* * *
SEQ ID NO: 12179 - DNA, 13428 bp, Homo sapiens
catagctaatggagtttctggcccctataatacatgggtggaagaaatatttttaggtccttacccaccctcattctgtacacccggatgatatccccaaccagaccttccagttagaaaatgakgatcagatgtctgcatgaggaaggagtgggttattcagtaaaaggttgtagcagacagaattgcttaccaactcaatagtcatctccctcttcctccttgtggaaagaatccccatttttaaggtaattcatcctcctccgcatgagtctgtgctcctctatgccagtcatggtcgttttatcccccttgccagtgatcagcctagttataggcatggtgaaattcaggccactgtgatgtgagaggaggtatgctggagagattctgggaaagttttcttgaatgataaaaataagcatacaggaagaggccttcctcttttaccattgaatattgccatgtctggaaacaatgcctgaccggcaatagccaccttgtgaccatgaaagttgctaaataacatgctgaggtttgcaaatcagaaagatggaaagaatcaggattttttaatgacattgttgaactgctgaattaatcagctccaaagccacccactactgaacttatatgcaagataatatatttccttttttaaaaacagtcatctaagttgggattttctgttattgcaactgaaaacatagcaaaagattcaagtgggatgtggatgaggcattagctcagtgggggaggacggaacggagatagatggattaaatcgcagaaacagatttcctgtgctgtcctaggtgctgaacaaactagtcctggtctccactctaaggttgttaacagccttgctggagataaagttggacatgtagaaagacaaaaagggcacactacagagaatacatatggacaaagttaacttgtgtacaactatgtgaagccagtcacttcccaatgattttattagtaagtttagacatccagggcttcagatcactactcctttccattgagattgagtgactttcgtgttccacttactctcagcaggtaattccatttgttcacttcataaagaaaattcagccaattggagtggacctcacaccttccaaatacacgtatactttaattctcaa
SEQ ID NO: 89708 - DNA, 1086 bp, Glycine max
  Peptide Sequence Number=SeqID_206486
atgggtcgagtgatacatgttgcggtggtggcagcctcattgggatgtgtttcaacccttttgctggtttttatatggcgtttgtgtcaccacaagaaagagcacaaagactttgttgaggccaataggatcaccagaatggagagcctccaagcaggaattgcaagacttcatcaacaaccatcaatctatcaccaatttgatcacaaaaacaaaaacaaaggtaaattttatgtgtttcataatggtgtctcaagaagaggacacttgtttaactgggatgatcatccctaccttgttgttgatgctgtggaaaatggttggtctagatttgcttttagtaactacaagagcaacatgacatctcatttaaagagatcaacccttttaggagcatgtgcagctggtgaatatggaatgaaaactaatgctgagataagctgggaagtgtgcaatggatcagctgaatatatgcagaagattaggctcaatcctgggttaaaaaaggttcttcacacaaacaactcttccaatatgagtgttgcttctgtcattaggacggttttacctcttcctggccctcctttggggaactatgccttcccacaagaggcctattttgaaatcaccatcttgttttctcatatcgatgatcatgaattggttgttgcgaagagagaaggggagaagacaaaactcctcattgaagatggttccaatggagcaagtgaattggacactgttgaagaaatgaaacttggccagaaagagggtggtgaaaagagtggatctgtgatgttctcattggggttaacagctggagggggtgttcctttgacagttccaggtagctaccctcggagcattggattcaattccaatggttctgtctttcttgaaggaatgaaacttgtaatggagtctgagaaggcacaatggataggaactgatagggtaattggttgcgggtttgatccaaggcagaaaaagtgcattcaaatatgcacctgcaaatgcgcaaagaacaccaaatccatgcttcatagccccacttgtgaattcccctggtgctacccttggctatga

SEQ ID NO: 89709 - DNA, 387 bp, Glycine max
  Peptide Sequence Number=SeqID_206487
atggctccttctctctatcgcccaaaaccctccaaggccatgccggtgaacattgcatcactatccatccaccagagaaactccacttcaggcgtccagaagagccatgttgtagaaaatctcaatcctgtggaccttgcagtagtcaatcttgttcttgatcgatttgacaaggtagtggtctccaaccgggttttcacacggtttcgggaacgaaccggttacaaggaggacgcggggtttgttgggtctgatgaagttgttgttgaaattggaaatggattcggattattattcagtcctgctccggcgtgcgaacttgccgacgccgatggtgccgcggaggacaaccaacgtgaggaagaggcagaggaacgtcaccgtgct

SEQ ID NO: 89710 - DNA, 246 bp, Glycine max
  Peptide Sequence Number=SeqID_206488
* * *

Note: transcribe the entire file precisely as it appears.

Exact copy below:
SEQ ID NO: 12179 - DNA, 13428 bp, Homo sapiens
catagctaatggagtttctggcccctataatacatgggtggaagaaatatttttaggtccttacccaccctcattctgtacacccggatgatatccccaaccagaccttccagttagaaaatgakgatcagatgtctgcatgaggaaggagtgggttattcagtaaaaggttgtagcagacagaattgcttaccaactcaatagtcatctccctcttcctccttgtggaaagaatccccatttttaaggtaattcatcctcctccgcatgagtctgtgctcctctatgccagtcatggtcgttttatcccccttgccagtgatcagcctagttataggcatggtgaaattcaggccactgtgatgtgagaggaggtatgctggagagattctgggaaagttttcttgaatgataaaaataagcatacaggaagaggccttcctcttttaccattgaatattgccatgtctggaaacaatgcctgaccggcaatagccaccttgtgaccatgaaagttgctaaataacatgctgaggtttgcaaatcagaaagatggaaagaatcaggattttttaatgacattgttgaactgctgaattaatcagctccaaagccacccactactgaacttatatgcaagataatatatttccttttttaaaaacagtcatctaagttgggattttctgttattgcaactgaaaacatagcaaaagattcaagtgggatgtggatgaggcattagctcagtgggggaggacggaacggagatagatggattaaatcgcagaaacagatttcctgtgctgtcctaggtgctgaacaaactagtcctggtctccactctaaggttgttaacagccttgctggagataaagttggacatgtagaaagacaaaaagggcacactacagagaatacatatggacaaagttaacttgtgtacaactatgtgaagccagtcacttcccaatgattttattagtaagtttagacatccagggcttcagatcactactcctttccattgagattgagtgactttcgtgttccacttactctcagcaggtaattccatttgttcacttcataaagaaaattcagccaattggagtggacctcacaccttccaaatacacgtatactttaattctcaa
SEQ ID NO: 89708 - DNA, 1086 bp, Glycine max
  Peptide Sequence Number=SeqID_206486
atgggtcgagtgatacatgttgcggtggtggcagcctcattgggatgtgtttcaacccttttgctggtttttatatggcgtttgtgtcaccacaagaaagagcacaaagactttgttgaggccaataggatcaccagaatggagagcctccaagcaggaattgcaagacttcatcaacaaccatcaatctatcaccaatttgatcacaaaaacaaaaacaaaggtaaattttatgtgtttcataatggtgtctcaagaagaggacacttgtttaactgggatgatcatccctaccttgttgttgatgctgtggaaaatggttggtctagatttgcttttagtaactacaagagcaacatgacatctcatttaaagagatcaacccttttaggagcatgtgcagctggtgaatatggaatgaaaactaatgctgagataagctgggaagtgtgcaatggatcagctgaatatatgcagaagattaggctcaatcctgggttaaaaaaggttcttcacacaaacaactcttccaatatgagtgttgcttctgtcattaggacggttttacctcttcctggccctcctttggggaactatgccttcccacaagaggcctattttgaaatcaccatcttgttttctcatatcgatgatcatgaattggttgttgcgaagagagaaggggagaagacaaaactcctcattgaagatggttccaatggagcaagtgaattggacactgttgaagaaatgaaacttggccagaaagagggtggtgaaaagagtggatctgtgatgttctcattggggttaacagctggagggggtgttcctttgacagttccaggtagctaccctcggagcattggattcaattccaatggttctgtctttcttgaaggaatgaaacttgtaatggagtctgagaaggcacaatggataggaactgatagggtaattggttgcgggtttgatccaaggcagaaaaagtgcattcaaatatgcacctgcaaatgcgcaaagaacaccaaatccatgcttcatagccccacttgtgaattcccctggtgctacccttggctatga

SEQ ID NO: 89709 - DNA, 387 bp, Glycine max
  Peptide Sequence Number=SeqID_206487
atggctccttctctctatcgcccaaaaccctccaaggccatgccggtgaacattgcatcactatccatccaccagagaaactccacttcaggcgtccagaagagccatgttgtagaaaatctcaatcctgtggaccttgcagtagtcaatcttgttcttgatcgatttgacaaggtagtggtctccaaccgggttttcacacggtttcgggaacgaaccggttacaaggaggacgcggggtttgttgggtctgatgaagttgttgttgaaattggaaatggattcggattattattcagtcctgctccggcgtgcgaacttgccgacgccgatggtgccgcggaggacaaccaacgtgaggaagaggcagaggaacgtcaccgtgct

SEQ ID NO: 89710 - DNA, 246 bp, Glycine max
  Peptide Sequence Number=SeqID_206488